Woman landowner leads in building climate resiliency

Farm and Food

By Kayla Bergman, former staff member

Ann Wolf not only leads a strong conservation nonprofit organization in Iowa, but also as a woman landowner, focusing on building her climate resiliency.

Ann owns a 300-acre farm in Jackson County, Iowa—just 1 mile from the Mississippi River. The land has been in her family since 1943, and has been a conventional farm since 1862.

After her tenant farmer, who was doing a corn/soybean rotation and finishing out beef cattle, decided to move on, Ann turned to the U.S. Department of Agriculture Natural Resources Conservation Service (NRCS) to enroll the land in the Conservation Reserve Program (CRP).

“Due to the highly erodible soils and steep topography of the farm being in the driftless area of Iowa, I have always put conservation in the forefront of the plans for my land,” Ann said.

She’s been working with the NRCS for 25 years. In that time, she’s implemented buffers, timber stand improvement, and a wetland—all designed to protect the soil and water resources locally, and ultimately sequester carbon on her farm to build climate resiliency.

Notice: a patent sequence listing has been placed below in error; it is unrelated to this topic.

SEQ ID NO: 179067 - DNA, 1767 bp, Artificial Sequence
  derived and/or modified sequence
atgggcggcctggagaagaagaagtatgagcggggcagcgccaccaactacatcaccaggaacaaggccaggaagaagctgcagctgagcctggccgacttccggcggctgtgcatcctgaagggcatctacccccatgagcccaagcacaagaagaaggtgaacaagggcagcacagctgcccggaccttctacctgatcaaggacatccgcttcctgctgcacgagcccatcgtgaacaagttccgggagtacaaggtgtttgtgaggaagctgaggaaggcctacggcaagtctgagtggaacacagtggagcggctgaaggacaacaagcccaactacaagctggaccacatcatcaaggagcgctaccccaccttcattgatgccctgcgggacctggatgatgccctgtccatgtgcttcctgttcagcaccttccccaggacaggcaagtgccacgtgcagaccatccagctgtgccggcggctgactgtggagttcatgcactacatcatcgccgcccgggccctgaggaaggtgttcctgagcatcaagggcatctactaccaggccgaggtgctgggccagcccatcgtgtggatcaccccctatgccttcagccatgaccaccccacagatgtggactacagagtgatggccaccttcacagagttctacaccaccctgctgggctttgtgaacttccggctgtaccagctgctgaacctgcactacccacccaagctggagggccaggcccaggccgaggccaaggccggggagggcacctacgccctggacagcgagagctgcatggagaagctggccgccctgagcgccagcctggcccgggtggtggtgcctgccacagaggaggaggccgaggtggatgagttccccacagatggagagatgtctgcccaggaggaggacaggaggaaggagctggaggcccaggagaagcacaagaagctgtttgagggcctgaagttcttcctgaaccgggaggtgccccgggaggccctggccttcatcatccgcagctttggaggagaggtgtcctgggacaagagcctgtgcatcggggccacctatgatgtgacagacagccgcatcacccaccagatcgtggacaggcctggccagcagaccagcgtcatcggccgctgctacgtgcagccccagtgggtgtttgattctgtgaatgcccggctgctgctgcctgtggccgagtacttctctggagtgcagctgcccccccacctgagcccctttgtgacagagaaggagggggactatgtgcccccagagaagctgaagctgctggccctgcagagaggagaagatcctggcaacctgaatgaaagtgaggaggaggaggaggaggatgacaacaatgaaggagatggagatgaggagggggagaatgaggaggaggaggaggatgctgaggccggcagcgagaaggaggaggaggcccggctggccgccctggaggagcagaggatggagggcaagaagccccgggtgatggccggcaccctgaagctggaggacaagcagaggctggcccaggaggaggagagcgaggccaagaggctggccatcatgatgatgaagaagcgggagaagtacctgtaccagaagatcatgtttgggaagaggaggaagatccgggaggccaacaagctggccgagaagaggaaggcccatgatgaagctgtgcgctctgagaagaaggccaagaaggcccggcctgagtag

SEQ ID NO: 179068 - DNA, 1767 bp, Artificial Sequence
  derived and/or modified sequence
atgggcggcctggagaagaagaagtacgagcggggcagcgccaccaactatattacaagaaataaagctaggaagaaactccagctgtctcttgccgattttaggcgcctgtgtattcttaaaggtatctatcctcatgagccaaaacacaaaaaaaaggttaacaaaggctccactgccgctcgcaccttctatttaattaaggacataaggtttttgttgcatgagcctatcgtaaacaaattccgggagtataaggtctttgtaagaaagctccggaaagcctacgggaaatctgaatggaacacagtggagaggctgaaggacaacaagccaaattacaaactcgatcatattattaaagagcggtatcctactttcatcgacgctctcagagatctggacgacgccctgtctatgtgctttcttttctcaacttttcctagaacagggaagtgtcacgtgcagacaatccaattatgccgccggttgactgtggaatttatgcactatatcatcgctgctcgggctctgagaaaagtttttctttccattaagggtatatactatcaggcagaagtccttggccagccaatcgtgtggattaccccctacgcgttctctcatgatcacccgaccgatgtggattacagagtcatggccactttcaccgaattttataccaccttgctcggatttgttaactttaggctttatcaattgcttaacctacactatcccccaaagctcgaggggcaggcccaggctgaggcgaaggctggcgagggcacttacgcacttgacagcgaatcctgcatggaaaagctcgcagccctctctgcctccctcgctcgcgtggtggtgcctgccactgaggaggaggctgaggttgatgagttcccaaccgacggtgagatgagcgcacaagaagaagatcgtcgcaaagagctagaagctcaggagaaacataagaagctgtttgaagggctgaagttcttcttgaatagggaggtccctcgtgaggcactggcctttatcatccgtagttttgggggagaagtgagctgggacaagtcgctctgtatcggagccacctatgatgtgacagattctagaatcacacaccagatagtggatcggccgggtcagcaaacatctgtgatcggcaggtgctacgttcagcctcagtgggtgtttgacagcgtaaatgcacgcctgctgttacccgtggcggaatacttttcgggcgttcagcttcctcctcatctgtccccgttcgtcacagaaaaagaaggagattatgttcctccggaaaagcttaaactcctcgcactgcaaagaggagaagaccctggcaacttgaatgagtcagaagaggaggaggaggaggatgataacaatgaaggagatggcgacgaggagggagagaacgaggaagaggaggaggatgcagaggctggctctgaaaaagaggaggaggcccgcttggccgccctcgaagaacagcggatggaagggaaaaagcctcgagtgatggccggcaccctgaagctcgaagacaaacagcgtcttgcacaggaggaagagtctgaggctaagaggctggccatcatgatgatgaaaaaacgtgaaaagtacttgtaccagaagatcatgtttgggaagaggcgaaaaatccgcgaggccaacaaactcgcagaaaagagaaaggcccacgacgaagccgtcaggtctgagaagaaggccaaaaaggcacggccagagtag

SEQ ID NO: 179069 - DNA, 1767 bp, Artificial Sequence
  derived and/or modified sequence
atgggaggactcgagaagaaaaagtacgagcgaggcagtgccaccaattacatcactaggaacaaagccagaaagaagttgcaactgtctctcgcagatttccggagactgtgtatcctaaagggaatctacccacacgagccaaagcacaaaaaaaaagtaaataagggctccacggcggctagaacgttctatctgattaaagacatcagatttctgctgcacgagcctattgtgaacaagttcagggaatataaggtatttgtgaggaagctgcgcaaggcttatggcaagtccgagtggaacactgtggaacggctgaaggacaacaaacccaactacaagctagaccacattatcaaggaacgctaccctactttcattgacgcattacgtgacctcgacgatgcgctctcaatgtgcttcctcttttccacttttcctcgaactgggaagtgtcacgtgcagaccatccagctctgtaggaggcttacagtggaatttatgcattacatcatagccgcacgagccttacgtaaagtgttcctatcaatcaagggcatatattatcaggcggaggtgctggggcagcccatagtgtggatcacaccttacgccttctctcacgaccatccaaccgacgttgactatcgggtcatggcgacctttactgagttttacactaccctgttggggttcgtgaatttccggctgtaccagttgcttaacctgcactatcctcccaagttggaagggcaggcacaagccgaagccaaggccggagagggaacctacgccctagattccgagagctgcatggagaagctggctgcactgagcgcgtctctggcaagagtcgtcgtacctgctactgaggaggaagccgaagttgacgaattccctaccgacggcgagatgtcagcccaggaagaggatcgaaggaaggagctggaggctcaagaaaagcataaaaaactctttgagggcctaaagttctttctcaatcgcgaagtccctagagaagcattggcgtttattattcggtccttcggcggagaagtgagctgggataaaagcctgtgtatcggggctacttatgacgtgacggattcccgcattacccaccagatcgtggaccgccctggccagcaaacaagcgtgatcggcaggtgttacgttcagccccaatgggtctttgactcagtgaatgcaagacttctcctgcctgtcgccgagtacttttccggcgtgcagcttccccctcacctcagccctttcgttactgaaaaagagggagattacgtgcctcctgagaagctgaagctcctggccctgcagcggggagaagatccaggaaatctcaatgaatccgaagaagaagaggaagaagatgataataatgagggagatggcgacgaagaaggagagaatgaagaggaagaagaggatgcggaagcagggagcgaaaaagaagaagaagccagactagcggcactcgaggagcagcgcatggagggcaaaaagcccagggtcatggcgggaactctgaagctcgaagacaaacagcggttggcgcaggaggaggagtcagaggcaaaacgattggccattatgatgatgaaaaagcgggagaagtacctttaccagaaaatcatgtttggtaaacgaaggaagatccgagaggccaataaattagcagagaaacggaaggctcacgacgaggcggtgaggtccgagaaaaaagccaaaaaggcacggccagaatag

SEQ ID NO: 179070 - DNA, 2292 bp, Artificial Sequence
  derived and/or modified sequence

Currently, Ann has 55 acres enrolled in the CRP pollinator program. Because her farm is along the Mississippi River migratory pathway for insects and birds, she sees the increased importance to provide habitat for those crucial wildlife species.

“Any wildlife species you can think of that live in Iowa, we’ve seen on the trail cams at my farm,” Ann said.

One impactful moment of reflection for Ann was a warm morning in August 2016, when she experienced an intense rain event.

“At my farm, I witnessed an 11.5 inch rain, which put my entire pasture ground under 12 feet of water in a flash flood,” Ann said. “I’ve never seen anything like this in my entire life.”

Ann believes we’re going to continue to see those types of extreme rain events with our changing climate, and she realizes the importance of protecting our soils and farmland when those times come.

“The first thing that popped into my head when I saw the flooding was, ‘What have we done?’” Ann said. “It only takes a moment to realize that you’re seeing a lot of soil being washed off the tillable acres on the bluffs, right into the stream, down the Mississippi River, and eventually to the Gulf of Mexico.”

Ann is executive director of Iowa Heartland Resource Conservation and Development of Indianola. In her role, she serves as one of the leads on a project focused on climate change and health equity in rural areas with numerous scientists from across the Midwest. Being a landowner has helped with her role on that project team—providing first hand experience with climate impacts in rural areas.

“I don’t want to throw conventional farming out the window,” Ann said. “I am a conventional farmer that has found a balance between agriculture and environmental sustainability.”

Ann’s advice for other women landowners who are interested in conservation is to start small and use the resources provided by the various networks and agencies.

“You still have to do what makes your farm profitable,” she said. “But, it is essential for you to think about building your resiliency and protecting our soil and water.”